Methane Leaks Plugged With Help From Above

Thanks to Public Broadcasting Service (USA) for this:

Satellites seek out methane leaks from pipelines, oil fields, landfills and farms

Satellite imagery shows a Russian gas pipeline (left) and highlights huge amounts of methane (right) being emitted from the pipeline on September 6, 2019. Kayrros and Modified Copernicus Data, 2019

The threat was invisible to the eye: tons of methane billowing skyward, blown out by natural gas pipelines snaking across Siberia. In the past, those plumes of potent greenhouse gas released by Russian petroleum operations last year might have gone unnoticed. But armed with powerful new imaging technology, a methane-hunting satellite sniffed out the emissions and tracked them to their sources.

Thanks to rapidly advancing technology, a growing fleet of satellites is now aiming to help close the valve on methane by identifying such leaks from space. The mission is critical, with a series of recent reports sounding an increasingly urgent call to cut methane emissions.

While shorter-lived and less abundant than carbon dioxide, methane is much more powerful at trapping heat, making its global warming impact more than 80 times greater in the short term. Around 60 percent of the world’s methane emissions are produced by human activities — with the bulk coming from agriculture, waste disposal, and fossil fuel production. Human-caused methane is responsible for at least 25 percent of today’s global warming, the Environmental Defense Fund estimates. Stanching those emissions, a new Global Methane Assessment by the United Nations Environmental Programme stresses, is the best hope for quickly putting the brakes on warming.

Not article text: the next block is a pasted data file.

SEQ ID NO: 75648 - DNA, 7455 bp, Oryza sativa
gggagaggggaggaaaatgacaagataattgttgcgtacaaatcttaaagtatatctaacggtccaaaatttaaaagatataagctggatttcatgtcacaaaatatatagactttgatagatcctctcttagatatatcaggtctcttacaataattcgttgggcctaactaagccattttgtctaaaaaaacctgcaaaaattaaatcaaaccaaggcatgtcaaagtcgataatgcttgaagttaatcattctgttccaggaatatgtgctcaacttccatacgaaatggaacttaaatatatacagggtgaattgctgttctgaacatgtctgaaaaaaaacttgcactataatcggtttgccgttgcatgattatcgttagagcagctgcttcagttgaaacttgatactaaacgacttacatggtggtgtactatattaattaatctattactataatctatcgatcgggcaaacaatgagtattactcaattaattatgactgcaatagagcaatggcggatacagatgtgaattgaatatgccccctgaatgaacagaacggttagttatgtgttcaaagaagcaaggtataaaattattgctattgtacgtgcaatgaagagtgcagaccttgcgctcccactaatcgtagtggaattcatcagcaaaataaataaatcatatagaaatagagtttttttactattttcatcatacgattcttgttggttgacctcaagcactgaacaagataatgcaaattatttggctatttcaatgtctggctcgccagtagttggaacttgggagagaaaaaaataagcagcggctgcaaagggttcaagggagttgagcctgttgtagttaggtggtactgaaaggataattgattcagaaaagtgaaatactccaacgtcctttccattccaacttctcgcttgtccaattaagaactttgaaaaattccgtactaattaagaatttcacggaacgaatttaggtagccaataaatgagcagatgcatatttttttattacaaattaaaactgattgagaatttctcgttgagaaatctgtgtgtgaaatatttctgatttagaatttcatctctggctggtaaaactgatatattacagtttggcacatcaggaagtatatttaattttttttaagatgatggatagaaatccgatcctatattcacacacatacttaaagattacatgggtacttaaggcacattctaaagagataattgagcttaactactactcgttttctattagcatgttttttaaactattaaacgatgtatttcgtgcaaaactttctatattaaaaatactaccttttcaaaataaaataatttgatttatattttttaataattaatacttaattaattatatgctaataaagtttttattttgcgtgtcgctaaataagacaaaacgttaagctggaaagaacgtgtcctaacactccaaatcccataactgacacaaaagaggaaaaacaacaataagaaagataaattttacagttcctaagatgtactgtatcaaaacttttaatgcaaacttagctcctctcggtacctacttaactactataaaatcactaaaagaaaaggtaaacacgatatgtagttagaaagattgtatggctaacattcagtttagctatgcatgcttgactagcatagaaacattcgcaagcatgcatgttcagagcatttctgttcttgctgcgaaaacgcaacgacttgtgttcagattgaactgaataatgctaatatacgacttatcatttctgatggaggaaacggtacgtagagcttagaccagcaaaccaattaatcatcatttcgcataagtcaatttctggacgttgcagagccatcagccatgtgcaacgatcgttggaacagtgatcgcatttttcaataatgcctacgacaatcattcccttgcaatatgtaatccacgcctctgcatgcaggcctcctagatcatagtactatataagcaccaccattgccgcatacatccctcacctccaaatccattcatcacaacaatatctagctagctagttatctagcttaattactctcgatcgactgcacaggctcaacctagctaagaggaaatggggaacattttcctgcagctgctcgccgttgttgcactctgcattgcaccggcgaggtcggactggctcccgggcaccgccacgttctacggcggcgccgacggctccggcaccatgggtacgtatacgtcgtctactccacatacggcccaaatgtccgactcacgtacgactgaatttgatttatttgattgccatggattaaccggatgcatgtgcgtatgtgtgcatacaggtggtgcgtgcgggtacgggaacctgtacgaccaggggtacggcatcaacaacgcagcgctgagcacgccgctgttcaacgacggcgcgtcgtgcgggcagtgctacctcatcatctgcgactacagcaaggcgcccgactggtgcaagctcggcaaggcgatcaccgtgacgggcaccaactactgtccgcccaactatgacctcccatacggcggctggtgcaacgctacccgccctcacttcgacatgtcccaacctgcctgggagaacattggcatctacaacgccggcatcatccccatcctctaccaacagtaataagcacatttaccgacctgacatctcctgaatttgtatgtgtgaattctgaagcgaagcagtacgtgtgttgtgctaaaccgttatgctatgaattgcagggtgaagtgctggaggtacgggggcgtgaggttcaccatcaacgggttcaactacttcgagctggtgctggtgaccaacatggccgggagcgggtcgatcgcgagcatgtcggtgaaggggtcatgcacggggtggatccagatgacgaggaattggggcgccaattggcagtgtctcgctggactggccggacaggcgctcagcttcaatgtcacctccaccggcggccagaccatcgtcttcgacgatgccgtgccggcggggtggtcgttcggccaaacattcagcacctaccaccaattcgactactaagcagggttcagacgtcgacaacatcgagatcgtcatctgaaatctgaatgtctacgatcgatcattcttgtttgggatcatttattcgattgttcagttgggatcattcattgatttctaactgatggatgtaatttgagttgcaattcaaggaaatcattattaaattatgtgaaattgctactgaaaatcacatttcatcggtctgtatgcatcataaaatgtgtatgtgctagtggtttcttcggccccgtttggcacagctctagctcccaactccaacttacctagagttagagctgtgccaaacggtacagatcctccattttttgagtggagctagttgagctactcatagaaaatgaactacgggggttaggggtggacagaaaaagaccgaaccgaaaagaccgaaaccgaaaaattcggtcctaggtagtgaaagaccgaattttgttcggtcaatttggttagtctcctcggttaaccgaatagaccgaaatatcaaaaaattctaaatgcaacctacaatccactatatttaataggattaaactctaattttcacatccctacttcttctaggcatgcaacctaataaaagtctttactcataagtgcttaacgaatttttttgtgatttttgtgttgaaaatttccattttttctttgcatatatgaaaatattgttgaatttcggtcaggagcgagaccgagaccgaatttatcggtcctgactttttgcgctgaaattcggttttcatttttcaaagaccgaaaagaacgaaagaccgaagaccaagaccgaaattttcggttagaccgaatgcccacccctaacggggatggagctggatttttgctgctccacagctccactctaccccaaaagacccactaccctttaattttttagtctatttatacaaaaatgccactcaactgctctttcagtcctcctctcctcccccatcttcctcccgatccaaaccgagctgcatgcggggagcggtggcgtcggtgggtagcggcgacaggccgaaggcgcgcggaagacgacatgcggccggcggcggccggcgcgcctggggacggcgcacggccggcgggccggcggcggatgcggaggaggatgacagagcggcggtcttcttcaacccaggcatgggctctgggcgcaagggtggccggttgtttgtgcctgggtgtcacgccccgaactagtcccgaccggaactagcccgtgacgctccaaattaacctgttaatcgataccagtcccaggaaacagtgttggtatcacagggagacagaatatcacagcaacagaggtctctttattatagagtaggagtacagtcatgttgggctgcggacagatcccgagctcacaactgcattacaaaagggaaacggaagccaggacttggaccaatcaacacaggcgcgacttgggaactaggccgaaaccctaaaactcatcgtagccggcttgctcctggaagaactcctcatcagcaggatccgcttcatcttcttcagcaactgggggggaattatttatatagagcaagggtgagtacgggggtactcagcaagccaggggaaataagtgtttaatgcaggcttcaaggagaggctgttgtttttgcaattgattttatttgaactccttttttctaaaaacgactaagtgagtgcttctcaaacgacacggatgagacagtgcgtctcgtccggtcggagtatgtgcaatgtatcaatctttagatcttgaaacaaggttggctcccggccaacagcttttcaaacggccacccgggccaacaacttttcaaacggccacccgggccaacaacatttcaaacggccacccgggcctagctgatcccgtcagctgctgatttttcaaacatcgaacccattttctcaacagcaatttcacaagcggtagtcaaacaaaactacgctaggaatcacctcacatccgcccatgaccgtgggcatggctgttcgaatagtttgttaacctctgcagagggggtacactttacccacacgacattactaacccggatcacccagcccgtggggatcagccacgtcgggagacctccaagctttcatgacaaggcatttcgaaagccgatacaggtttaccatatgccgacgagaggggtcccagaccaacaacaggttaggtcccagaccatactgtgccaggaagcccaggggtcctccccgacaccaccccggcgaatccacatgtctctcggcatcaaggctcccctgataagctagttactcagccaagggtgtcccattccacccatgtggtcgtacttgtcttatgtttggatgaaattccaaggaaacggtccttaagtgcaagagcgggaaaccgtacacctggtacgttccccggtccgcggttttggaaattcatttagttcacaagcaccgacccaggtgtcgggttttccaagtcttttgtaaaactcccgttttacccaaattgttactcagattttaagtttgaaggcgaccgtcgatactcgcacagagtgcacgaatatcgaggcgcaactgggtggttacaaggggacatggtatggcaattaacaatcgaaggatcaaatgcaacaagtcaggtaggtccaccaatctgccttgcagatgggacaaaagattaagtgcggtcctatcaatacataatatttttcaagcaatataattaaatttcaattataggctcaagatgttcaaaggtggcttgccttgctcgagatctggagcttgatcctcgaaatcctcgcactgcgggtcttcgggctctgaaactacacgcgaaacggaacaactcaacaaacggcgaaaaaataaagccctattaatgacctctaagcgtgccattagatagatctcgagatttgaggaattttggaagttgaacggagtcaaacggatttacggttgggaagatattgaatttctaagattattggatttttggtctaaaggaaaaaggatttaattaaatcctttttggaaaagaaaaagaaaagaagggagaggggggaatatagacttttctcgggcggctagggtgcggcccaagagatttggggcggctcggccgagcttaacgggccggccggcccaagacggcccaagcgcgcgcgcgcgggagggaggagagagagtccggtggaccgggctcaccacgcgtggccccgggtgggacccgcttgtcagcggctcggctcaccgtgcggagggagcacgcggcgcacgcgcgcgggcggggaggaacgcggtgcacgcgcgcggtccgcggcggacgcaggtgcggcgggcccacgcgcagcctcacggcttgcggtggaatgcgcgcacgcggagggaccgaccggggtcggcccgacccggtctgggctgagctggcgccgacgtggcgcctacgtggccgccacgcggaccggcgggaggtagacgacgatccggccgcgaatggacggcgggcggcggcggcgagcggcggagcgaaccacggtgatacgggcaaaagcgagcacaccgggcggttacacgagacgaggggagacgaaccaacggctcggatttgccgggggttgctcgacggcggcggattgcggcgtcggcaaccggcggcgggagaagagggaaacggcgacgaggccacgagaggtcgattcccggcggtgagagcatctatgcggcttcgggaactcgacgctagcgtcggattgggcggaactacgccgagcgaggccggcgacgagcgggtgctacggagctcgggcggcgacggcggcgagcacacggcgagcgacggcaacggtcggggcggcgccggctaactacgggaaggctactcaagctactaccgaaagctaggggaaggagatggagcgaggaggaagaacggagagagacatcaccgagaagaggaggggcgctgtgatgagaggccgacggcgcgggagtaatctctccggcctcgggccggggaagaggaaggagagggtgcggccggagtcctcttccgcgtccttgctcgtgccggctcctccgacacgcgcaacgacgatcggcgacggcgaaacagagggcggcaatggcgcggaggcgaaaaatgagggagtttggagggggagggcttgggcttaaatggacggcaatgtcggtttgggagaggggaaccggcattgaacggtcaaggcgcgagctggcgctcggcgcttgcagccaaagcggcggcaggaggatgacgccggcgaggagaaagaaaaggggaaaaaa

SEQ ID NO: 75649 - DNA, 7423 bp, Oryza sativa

“It’s the most powerful lever we have for reducing warming and all the effects that come with climate change over the next 30 years,” said Drew Shindell, an earth sciences professor at Duke University and lead author on the UN report. Scientists stress that major reductions in both carbon dioxide and methane are critical for averting extreme climate change. “It is not a substitute for reducing CO2, but a complement,” Shindell said.

Nearly half of the roughly 380 million metric tons of methane released by human activities annually can be cut this decade with available and largely cost-effective methods, according to the UN assessment. Doing so would stave off nearly 0.3 degrees C of warming by the 2040s — buying precious time to get other greenhouse gas emissions under control. The easiest gains can be made by fixing leaky pipelines, stopping deliberate releases such as venting unwanted gas from drilling rigs, and other actions in the oil and gas industry, the UN report says. Capturing fumes from rotting materials in landfills and squelching the gassy belches of ruminant livestock will also help.

For now, though, the trend is running in the opposite direction: The methane concentration in Earth’s atmosphere has been surging over the past half-decade, the NOAA Annual Greenhouse Gas Index shows. And despite the pandemic, 2020 saw the biggest one-year jump on record. The causes of the recent spike are unclear, but could include natural gas fracking, increased output from methane-producing microbes spurred by rising temperatures, or a combination of human-caused and natural forces.

All this, experts say, underscores the need to track down and plug any leaks or sources that can be controlled. Tracing emissions to their source is no easy task, however. Releases are often intermittent and easy to miss. Ground-based sensors can detect leaks in local areas, but their coverage is limited. Airplane and drone surveys are time-intensive and costly, and air access is restricted over much of the world.

That’s where a crop of recently launched and upcoming satellites with increasingly sophisticated tools comes in…

Read the whole story here.

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